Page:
Previously, the decreased read range resulting when an RFID contacts or is applied to a target surface was accepted. Alternatively, the transponder antenna design was modified to tune it for a particular label or device/surface combination. Preparing a tuned antenna for such a combination requires a significant amount of design and testing. Preparing a series of tuned antennas, modified for each projected surface combination is not economical as the number of device/surface combinations is infinite. Further, in the case of a RFID tag, it may not be possible to anticipate which surfaces the tag will contact.
 An object of this invention is to provide a cost-effective alternative to either decreased read range or retuning of transponders as a result of electrical interference from the different target surfaces.
 A RFID label or tag with dielectric shielding to isolate the RFID integrated circuit and antenna from the target surface which the device is in contact with. Dielectric shielding may be formed from the liner, cut so that when the liner is peeled off a section between the RFID circuit and/or antenna and the target surface remains. The liner material may be arranged so that it cannot be removed accidentally from the device through the use of a zone not coated with a release agent that prevents easy separation of the adhesive from the liner material.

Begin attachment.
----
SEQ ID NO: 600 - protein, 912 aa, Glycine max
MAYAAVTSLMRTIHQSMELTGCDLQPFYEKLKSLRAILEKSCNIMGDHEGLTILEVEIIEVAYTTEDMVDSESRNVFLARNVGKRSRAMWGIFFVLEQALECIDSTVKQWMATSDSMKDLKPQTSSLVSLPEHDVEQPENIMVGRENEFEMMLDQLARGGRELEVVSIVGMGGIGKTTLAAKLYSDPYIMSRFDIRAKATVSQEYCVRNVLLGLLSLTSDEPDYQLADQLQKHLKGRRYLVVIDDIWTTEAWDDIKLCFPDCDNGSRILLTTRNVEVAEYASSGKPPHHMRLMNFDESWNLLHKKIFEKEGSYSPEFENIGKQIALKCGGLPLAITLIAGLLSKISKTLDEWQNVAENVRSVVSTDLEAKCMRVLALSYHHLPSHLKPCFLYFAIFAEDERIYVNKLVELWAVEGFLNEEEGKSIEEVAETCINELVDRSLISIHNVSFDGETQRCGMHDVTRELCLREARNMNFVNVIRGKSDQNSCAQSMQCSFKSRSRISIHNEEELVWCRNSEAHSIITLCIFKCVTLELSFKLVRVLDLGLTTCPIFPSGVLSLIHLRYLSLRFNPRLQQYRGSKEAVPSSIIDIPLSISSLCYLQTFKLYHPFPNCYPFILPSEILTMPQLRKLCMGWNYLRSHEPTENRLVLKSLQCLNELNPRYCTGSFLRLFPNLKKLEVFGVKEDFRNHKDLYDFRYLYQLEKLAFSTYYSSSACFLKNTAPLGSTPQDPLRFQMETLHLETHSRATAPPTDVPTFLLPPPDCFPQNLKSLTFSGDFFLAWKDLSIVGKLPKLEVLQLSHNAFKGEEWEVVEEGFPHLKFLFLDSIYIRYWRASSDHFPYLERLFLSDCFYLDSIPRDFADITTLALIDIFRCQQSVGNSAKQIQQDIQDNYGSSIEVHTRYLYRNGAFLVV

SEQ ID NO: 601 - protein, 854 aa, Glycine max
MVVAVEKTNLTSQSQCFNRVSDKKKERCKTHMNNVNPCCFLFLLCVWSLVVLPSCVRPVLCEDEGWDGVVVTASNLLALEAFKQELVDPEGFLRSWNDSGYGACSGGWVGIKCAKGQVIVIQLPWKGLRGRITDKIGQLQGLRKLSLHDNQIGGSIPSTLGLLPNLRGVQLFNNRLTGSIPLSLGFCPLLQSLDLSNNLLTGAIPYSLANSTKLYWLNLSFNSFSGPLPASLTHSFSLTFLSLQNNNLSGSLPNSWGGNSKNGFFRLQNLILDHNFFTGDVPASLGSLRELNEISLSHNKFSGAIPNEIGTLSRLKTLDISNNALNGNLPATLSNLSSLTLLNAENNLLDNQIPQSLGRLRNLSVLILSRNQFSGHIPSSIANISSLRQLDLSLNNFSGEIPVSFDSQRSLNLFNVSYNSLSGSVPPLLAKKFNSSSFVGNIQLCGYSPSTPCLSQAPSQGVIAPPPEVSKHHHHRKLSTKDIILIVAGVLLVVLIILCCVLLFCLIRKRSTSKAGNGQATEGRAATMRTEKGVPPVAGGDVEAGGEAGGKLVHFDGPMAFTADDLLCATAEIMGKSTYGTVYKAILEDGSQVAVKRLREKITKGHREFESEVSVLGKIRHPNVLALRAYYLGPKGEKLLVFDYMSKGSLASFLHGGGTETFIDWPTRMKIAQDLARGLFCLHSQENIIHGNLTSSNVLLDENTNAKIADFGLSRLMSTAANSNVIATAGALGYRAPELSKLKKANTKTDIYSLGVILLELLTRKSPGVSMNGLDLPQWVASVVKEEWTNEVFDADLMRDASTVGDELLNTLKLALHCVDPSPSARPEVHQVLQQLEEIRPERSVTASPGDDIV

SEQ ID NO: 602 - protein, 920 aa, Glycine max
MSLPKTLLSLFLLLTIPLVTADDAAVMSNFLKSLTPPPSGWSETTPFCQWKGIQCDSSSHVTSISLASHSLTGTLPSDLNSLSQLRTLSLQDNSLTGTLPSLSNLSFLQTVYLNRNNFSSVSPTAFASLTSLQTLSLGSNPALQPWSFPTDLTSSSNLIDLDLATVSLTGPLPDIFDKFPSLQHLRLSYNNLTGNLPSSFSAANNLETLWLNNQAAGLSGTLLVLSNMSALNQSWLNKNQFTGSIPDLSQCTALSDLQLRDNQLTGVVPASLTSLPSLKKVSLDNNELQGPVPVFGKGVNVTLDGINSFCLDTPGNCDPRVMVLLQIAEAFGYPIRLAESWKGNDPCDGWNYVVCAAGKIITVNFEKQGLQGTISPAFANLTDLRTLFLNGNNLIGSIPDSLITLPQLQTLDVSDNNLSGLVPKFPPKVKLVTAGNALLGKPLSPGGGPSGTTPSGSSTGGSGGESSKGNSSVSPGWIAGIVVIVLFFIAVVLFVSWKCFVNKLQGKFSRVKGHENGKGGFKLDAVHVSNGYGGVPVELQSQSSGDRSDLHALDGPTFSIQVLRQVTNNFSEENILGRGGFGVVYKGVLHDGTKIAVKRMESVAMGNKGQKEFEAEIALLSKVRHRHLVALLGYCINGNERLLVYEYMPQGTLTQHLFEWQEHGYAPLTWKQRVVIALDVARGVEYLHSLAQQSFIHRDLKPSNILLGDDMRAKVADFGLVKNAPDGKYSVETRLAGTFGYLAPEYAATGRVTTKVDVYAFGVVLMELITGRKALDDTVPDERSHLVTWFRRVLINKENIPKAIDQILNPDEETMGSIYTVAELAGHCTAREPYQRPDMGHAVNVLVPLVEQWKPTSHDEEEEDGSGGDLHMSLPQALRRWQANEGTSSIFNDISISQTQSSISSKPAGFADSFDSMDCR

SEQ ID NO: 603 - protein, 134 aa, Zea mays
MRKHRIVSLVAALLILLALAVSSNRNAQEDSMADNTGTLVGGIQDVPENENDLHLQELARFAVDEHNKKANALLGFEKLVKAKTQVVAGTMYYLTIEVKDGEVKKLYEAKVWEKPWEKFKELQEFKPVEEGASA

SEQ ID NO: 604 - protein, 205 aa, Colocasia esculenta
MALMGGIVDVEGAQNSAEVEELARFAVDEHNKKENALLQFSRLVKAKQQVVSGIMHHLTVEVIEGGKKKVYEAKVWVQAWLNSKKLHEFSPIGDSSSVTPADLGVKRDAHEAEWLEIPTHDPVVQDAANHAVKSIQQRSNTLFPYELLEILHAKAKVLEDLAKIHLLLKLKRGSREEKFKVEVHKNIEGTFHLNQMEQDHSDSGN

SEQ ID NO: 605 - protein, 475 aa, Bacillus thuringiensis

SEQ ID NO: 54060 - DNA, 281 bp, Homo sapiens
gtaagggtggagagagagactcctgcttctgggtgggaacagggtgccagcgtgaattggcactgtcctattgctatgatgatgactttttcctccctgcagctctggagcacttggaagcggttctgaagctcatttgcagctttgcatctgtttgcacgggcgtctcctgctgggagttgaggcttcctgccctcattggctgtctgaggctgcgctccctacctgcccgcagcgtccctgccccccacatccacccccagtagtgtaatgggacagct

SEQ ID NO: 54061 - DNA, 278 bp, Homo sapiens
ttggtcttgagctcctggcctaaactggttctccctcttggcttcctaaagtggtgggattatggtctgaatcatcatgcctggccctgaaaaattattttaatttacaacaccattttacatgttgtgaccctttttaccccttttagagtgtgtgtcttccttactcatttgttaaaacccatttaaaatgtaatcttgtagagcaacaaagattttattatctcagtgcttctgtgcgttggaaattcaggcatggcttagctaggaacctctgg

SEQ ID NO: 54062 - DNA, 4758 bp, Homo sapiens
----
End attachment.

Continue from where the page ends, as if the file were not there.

In another embodiment, a portion of the device face sheet can be used as a shielding agent. The face sheet may be configured to allow it to be folded upon itself to provide an isolation layer between the RFID transponder and the target surface. Adhesive patterns applied to the face sheet may be used to create an adhesive surface for attaching the RFID label to a target surface once it has been folded to isolate the transponder from the target surface.
FIG. 1 is a schematic diagram of a pressure sensitive label according to the present invention.
FIG. 2 is a schematic diagram of a label according to FIG. 1 with additional adhesive.
FIG. 3a is a schematic diagram of an RFID label using a portion of the face sheet as a shielding agent.